With its calm, clear blue waters, Pokai Bay Beach Park is a favorite gathering place for families, swimmers and ocean recreation.
But some regular beachgoers say there's something lurking in the bay -- something that's making people sick.
"Over here, everybody getting staph infections over here," said longtime Waianae Coast resident Bruce DeSoto, who says he's gotten sick three times in the last five years. "I have plenty of my friends get staph infections over here."
Those friends include Malatsi Sofa, who spent five days in the hospital this week for a staph infection he developed after paddle boarding in the bay.
"As soon as I went home I got the shakes, fever, all that," he said. "My temperature went up 102."
While there's no definitive link, some blame the lack of circulation in the bay for the problem.
An offshore breakwater, built several decades ago, protects the beach from surf and erosion. But some say it also traps pollutants.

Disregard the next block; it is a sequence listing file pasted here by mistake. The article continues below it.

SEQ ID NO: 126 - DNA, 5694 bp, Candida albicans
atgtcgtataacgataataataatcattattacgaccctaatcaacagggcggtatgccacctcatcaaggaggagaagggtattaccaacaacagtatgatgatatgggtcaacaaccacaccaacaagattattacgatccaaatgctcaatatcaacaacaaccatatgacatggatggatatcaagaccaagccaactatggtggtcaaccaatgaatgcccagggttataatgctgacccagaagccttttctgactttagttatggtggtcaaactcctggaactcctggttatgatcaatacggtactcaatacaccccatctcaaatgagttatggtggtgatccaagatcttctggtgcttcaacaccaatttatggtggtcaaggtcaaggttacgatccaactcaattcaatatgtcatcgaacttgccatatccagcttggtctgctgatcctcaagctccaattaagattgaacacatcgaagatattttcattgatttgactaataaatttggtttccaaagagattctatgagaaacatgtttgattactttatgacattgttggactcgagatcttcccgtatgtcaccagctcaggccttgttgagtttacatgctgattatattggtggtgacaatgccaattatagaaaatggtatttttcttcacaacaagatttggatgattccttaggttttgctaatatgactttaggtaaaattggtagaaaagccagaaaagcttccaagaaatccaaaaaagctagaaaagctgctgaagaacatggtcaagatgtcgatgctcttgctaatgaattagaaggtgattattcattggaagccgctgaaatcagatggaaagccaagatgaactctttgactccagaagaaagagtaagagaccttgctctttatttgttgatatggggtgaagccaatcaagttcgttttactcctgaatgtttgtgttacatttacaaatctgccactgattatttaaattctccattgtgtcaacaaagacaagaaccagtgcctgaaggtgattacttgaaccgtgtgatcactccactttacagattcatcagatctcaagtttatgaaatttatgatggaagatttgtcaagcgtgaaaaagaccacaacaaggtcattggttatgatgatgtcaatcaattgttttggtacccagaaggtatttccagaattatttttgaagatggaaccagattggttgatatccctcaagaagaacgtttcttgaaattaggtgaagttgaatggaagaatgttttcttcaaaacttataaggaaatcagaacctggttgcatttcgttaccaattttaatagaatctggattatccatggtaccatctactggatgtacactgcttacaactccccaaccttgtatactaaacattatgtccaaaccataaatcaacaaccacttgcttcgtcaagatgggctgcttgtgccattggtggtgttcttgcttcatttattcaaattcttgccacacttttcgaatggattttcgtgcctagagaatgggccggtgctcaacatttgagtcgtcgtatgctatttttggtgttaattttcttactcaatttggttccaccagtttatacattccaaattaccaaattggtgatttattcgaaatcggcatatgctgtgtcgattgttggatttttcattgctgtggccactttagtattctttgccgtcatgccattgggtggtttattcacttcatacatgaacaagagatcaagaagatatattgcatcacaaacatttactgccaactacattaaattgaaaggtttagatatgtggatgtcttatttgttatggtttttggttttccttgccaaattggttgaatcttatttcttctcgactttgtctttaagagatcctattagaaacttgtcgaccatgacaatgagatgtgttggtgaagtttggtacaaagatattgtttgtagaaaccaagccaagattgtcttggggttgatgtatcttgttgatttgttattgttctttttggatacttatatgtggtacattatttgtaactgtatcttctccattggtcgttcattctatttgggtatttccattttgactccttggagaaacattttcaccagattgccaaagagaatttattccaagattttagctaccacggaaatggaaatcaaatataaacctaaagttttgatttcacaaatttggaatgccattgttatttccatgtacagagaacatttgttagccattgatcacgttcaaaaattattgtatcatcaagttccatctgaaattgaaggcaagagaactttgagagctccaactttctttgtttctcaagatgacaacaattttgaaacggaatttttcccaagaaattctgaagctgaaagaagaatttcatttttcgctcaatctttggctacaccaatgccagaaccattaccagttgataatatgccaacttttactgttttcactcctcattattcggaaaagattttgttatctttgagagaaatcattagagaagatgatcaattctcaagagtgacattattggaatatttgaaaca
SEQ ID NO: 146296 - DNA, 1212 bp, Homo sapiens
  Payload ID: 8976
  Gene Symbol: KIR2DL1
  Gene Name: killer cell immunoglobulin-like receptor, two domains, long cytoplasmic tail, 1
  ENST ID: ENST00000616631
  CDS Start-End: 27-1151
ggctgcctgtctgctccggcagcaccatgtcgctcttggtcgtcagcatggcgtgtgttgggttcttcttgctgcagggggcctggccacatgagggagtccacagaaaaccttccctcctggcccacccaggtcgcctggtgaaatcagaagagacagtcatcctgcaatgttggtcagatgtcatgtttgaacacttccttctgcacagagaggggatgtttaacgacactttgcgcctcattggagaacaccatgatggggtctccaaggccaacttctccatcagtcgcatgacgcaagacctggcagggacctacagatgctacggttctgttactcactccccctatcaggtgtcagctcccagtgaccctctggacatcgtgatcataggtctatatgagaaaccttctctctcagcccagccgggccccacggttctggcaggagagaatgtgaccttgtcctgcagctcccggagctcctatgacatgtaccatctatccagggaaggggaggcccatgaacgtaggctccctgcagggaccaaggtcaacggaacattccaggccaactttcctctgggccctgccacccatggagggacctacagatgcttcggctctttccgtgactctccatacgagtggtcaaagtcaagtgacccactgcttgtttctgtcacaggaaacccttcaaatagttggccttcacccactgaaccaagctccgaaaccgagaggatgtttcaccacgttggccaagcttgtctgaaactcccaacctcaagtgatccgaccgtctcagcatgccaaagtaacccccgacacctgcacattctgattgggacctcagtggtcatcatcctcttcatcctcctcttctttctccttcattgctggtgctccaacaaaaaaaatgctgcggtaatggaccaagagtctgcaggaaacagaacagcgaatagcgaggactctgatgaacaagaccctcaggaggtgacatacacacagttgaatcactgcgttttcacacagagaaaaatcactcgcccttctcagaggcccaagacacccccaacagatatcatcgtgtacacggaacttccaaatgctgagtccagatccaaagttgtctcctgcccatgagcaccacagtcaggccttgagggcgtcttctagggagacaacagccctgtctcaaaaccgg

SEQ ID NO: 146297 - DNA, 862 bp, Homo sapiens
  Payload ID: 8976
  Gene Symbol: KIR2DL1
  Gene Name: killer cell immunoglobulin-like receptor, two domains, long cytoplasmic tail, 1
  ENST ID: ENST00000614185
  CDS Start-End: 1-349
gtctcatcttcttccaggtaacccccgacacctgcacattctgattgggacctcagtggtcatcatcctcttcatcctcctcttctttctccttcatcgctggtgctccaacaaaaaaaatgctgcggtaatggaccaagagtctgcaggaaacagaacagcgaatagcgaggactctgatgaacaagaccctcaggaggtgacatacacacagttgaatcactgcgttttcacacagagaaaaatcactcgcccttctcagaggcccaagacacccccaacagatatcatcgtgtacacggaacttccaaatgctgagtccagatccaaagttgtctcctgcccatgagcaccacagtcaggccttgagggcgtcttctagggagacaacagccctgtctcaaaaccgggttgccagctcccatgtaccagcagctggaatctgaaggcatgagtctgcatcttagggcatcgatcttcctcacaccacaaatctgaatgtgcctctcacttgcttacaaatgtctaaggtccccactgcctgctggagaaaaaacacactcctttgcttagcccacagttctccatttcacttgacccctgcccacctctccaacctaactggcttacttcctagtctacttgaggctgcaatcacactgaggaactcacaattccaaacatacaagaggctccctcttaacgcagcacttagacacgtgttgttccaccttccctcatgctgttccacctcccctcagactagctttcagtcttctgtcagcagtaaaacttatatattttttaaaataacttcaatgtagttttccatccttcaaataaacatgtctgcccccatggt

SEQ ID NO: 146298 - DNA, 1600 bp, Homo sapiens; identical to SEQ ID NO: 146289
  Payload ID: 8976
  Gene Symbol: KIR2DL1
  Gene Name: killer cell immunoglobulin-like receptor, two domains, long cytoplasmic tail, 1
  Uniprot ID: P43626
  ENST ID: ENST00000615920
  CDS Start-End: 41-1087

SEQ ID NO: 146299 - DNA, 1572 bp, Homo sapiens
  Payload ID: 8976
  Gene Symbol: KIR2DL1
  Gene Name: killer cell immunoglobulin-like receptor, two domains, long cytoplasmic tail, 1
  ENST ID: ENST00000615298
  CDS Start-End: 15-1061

"There's been an accumulation of silt and rotten things that get flushed over to this side of the bay, and there's no release," said Pokai Bay resident Bunky Bakutis. "We pretty much we have a cesspool on the bottom over here."
Resolutions introduced by State Senator Maile Shimabukuro and State Reppresentative Cedric Gates call for state and federal governments to study ways to improve the water flow.
"People have talked about taking a whole section out of the break wall," said Shimabukuro.
Another plan calls for drilling three holes at the bottom of the breakwater, so that water can flow through, she said.
The Senate resolution will be heard on Friday. A proposed amendment to the measure calls for that the state Health Department to study the water quality before any construction is started.